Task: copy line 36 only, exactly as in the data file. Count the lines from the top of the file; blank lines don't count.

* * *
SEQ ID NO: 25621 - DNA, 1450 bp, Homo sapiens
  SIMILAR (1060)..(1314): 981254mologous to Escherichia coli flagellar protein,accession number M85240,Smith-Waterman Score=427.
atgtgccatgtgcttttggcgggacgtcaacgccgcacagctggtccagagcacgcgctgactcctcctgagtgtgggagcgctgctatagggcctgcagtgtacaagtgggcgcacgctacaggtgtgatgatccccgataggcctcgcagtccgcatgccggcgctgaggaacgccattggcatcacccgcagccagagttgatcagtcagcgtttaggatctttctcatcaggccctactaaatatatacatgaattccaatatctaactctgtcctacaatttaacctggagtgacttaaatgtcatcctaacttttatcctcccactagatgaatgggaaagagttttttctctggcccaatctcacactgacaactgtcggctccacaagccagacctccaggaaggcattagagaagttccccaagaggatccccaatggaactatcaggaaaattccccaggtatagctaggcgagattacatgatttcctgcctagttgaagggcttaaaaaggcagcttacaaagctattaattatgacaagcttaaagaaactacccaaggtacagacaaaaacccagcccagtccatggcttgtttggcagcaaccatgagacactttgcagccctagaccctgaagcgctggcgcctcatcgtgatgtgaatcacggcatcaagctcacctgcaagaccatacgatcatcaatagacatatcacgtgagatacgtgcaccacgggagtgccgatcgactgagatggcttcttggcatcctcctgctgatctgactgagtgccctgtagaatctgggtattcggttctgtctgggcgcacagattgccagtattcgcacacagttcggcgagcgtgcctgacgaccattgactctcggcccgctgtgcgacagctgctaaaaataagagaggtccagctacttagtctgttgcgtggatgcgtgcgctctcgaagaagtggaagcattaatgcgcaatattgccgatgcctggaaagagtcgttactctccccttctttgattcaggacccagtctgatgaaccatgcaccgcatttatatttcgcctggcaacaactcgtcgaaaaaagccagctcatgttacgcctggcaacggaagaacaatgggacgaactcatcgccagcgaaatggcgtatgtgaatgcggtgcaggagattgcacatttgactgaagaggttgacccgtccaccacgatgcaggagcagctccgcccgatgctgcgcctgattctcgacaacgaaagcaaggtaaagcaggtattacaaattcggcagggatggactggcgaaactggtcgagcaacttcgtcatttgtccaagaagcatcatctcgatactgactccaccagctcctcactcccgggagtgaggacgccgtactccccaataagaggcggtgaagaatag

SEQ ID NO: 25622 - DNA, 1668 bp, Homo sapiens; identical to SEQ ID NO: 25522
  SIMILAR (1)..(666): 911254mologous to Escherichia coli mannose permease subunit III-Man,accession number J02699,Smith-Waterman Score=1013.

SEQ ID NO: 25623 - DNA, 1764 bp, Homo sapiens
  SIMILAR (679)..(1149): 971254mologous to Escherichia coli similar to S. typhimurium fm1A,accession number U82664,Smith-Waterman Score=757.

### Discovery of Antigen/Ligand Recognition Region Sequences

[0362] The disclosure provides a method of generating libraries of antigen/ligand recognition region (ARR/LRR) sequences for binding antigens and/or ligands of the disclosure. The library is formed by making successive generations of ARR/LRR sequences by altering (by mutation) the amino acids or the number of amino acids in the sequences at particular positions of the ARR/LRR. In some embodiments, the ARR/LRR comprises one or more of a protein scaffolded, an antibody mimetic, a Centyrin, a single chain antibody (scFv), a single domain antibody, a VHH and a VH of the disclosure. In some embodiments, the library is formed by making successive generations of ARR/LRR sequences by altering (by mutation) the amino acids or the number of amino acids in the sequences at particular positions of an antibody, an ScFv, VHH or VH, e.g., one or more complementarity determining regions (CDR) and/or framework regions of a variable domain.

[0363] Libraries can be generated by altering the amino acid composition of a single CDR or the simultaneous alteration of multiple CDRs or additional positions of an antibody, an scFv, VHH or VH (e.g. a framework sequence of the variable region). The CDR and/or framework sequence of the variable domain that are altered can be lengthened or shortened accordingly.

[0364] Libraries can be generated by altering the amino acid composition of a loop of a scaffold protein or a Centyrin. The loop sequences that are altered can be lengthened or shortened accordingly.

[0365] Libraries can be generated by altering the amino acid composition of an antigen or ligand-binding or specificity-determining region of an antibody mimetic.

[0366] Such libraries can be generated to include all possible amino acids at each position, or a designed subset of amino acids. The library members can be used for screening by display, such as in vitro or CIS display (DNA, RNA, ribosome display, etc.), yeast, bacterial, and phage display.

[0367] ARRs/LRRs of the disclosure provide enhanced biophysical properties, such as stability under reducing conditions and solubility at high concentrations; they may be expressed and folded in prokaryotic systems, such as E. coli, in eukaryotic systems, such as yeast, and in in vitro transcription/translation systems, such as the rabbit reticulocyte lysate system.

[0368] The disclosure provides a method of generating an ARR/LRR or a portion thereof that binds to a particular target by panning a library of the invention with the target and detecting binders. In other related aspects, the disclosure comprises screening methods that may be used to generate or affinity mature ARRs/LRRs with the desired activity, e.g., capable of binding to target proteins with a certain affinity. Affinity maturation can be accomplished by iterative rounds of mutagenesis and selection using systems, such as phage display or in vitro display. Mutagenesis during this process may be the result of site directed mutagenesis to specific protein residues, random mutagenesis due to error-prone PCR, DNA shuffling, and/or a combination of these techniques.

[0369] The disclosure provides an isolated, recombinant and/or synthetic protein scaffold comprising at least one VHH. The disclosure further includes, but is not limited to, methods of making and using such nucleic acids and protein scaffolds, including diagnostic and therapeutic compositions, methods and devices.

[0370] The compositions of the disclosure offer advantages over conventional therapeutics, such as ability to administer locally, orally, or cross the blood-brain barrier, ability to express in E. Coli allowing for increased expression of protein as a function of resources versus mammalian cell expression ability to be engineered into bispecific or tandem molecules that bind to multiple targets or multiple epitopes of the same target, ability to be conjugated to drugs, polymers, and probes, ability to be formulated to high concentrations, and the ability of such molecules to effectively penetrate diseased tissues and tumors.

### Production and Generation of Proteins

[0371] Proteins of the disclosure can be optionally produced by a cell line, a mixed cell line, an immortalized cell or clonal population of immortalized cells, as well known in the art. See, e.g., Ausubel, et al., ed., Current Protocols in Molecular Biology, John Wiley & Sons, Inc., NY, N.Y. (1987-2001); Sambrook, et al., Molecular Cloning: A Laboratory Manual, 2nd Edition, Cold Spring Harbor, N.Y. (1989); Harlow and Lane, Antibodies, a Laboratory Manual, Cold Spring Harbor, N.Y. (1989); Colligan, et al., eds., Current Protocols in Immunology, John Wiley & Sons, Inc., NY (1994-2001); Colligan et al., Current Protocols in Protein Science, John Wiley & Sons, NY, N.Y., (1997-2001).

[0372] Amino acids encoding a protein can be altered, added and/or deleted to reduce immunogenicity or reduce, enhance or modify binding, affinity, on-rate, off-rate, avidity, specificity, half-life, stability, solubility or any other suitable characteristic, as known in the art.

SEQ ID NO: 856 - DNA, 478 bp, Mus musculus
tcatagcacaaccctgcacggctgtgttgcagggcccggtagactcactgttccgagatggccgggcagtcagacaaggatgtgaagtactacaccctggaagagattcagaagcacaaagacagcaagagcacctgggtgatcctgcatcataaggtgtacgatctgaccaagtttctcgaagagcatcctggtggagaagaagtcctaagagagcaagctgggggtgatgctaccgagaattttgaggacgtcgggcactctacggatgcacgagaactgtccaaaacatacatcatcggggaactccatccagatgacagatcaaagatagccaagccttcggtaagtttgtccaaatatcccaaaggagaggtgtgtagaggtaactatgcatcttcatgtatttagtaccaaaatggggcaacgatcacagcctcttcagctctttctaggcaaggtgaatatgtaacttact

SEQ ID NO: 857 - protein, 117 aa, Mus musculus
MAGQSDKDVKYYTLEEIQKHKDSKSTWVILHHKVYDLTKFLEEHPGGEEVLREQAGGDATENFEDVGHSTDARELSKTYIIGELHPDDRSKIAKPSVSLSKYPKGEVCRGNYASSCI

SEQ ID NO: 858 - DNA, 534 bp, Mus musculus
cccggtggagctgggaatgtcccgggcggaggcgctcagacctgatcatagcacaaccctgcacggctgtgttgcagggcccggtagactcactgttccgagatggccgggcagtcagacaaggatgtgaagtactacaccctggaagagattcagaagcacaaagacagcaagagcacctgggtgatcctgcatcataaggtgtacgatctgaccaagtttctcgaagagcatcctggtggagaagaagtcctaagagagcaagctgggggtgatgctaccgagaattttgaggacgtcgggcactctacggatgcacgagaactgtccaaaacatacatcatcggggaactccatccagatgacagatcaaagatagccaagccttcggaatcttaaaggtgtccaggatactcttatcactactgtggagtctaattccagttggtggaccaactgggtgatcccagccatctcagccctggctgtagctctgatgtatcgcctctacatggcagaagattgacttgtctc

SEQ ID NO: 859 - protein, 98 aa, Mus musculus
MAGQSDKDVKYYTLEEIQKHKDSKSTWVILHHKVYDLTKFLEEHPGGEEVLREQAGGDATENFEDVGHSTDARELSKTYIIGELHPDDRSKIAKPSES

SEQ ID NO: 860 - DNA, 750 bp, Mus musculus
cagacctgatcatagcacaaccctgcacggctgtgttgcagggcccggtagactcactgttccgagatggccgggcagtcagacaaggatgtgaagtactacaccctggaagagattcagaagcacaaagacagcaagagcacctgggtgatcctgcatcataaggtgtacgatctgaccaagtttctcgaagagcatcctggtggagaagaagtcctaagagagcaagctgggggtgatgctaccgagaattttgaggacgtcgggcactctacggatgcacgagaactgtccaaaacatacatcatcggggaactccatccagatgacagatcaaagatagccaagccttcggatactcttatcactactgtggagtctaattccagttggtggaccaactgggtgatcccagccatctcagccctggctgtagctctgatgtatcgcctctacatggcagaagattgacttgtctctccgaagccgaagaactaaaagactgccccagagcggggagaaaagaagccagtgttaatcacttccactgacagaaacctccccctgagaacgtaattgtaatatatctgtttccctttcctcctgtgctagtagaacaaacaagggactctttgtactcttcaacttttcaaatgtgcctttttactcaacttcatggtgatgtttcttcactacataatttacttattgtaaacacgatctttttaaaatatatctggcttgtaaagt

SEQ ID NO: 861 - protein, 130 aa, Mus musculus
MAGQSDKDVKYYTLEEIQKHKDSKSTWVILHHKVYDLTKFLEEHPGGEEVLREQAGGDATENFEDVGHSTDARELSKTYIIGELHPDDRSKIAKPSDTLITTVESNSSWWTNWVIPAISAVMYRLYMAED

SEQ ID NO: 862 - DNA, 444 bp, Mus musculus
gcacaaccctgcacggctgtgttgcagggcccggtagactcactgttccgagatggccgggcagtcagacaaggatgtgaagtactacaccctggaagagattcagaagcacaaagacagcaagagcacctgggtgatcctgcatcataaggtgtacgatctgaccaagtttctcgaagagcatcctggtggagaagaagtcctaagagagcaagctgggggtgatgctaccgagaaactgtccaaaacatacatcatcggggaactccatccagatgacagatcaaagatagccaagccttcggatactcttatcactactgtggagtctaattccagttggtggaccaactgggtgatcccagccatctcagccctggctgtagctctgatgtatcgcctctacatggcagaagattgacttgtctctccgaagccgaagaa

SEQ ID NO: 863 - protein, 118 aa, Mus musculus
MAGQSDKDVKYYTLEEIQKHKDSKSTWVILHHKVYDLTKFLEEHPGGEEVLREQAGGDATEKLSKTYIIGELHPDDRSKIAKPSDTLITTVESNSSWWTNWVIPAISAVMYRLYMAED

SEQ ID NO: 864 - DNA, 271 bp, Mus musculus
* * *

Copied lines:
MAGQSDKDVKYYTLEEIQKHKDSKSTWVILHHKVYDLTKFLEEHPGGEEVLREQAGGDATEKLSKTYIIGELHPDDRSKIAKPSDTLITTVESNSSWWTNWVIPAISAVMYRLYMAED